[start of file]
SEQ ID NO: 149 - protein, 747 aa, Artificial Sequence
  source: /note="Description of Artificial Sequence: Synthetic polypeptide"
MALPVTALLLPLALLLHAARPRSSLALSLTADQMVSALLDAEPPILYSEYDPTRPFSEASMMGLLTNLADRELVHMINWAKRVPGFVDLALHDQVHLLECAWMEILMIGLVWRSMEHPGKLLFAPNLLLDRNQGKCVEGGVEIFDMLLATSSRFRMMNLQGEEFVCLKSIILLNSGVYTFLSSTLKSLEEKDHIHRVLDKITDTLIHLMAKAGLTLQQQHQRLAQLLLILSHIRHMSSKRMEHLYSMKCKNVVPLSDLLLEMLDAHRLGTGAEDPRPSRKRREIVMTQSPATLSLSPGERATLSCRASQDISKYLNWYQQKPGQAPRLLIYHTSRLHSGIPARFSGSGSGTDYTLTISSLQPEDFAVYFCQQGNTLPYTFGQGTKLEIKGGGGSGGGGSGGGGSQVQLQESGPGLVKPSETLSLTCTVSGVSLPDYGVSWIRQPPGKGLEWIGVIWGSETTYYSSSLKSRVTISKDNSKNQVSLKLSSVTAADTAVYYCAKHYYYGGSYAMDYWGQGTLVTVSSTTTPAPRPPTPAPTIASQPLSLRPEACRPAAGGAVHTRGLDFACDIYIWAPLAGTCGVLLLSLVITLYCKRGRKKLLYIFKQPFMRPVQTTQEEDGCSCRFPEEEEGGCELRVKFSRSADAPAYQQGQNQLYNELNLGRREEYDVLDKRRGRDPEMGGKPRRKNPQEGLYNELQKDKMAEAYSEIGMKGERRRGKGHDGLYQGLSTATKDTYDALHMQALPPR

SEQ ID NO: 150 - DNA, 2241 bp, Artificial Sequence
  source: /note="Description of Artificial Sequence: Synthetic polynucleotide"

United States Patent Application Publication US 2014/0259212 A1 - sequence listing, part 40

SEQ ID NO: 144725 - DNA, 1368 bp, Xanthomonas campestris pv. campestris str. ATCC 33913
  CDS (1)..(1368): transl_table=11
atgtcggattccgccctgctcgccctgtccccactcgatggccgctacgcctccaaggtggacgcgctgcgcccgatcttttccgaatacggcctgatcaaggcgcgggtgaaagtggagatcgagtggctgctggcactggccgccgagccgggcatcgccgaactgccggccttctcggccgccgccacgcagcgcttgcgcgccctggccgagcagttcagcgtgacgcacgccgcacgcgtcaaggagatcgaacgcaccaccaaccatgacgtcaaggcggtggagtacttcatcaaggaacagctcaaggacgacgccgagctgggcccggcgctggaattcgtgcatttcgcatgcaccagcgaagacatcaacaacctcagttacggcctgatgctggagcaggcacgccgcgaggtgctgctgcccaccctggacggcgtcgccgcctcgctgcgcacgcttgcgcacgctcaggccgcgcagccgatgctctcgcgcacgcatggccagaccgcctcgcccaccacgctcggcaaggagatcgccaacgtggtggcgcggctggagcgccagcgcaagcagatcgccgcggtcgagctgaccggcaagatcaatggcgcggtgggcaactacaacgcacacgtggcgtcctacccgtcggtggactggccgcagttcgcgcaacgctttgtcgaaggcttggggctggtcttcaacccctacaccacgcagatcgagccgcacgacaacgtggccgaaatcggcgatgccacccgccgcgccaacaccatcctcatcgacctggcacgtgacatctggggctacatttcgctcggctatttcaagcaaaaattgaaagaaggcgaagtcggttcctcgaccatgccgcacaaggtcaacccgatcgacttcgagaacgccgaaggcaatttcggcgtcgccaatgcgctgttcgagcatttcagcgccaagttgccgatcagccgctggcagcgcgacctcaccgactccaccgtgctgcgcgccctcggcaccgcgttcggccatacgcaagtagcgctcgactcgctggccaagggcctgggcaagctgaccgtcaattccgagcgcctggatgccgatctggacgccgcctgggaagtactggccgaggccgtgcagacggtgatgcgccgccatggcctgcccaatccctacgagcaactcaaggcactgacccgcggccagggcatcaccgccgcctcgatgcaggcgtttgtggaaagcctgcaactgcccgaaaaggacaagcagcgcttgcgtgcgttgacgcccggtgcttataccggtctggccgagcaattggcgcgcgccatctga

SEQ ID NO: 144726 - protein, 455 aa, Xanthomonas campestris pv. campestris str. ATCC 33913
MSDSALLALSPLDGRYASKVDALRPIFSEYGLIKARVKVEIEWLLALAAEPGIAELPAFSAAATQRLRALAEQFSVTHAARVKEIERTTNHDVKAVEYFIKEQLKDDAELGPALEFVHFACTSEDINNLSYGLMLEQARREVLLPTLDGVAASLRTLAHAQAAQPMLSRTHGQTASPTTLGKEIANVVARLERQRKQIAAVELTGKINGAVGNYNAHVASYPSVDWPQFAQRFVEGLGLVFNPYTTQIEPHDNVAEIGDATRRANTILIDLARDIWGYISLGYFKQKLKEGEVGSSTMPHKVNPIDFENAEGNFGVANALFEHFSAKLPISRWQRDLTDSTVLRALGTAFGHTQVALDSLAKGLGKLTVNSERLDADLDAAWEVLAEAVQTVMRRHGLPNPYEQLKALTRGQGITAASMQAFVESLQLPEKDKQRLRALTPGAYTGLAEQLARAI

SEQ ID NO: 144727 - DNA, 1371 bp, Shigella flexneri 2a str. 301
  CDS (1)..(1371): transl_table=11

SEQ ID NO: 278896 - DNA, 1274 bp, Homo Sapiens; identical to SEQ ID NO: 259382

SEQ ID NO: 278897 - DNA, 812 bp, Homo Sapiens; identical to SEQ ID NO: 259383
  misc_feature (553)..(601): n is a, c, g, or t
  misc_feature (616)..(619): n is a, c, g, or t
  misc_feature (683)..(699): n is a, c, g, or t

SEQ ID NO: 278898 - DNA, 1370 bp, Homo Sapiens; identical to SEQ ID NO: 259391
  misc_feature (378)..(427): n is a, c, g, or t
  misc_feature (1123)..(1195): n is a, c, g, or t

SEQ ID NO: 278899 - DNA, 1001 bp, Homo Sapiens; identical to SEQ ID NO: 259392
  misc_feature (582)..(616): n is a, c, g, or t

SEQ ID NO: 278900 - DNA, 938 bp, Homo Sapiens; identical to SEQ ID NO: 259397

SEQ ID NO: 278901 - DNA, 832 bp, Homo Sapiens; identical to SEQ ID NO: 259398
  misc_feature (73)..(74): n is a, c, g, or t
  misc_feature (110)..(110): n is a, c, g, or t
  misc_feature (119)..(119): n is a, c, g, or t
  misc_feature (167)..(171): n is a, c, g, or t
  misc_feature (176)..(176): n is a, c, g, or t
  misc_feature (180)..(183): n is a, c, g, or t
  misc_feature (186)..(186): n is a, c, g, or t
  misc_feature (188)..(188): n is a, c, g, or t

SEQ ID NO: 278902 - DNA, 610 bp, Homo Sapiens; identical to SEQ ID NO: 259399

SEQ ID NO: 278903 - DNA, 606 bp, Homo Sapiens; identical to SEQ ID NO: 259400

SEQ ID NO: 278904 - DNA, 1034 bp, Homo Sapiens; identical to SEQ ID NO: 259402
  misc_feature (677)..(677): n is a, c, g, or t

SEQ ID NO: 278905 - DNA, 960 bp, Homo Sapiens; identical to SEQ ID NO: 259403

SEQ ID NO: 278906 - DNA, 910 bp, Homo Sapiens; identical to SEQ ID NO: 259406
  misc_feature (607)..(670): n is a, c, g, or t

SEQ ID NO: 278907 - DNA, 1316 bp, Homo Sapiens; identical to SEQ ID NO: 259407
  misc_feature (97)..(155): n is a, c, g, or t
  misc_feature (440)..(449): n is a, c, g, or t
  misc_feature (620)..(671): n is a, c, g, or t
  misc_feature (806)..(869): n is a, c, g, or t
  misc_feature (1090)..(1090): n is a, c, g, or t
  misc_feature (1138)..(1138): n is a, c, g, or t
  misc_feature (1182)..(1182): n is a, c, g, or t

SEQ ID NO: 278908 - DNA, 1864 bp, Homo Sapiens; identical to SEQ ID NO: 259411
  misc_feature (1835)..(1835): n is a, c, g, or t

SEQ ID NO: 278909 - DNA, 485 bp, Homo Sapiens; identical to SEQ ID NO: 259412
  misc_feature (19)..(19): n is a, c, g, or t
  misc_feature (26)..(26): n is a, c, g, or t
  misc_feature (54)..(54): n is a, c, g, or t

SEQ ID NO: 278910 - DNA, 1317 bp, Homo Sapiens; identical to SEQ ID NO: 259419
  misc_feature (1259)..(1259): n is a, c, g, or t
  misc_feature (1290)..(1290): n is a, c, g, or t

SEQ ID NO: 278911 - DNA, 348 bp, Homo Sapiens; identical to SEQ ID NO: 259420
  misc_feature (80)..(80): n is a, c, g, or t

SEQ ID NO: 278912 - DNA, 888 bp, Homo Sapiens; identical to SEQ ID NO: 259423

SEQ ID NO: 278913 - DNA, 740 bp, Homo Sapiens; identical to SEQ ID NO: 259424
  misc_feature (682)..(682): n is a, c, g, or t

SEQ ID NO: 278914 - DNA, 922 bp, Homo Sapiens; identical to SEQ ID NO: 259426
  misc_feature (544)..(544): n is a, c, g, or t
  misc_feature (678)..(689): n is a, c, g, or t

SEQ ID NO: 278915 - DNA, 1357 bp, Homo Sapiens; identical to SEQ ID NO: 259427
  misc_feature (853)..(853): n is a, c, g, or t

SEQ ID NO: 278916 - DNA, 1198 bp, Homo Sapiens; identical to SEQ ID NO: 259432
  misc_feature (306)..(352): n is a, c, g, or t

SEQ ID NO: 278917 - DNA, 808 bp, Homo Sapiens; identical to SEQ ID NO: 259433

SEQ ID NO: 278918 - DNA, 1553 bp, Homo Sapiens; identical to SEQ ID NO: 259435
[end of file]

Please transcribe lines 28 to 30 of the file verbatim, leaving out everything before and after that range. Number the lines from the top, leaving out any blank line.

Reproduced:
  misc_feature (119)..(119): n is a, c, g, or t
  misc_feature (167)..(171): n is a, c, g, or t
  misc_feature (176)..(176): n is a, c, g, or t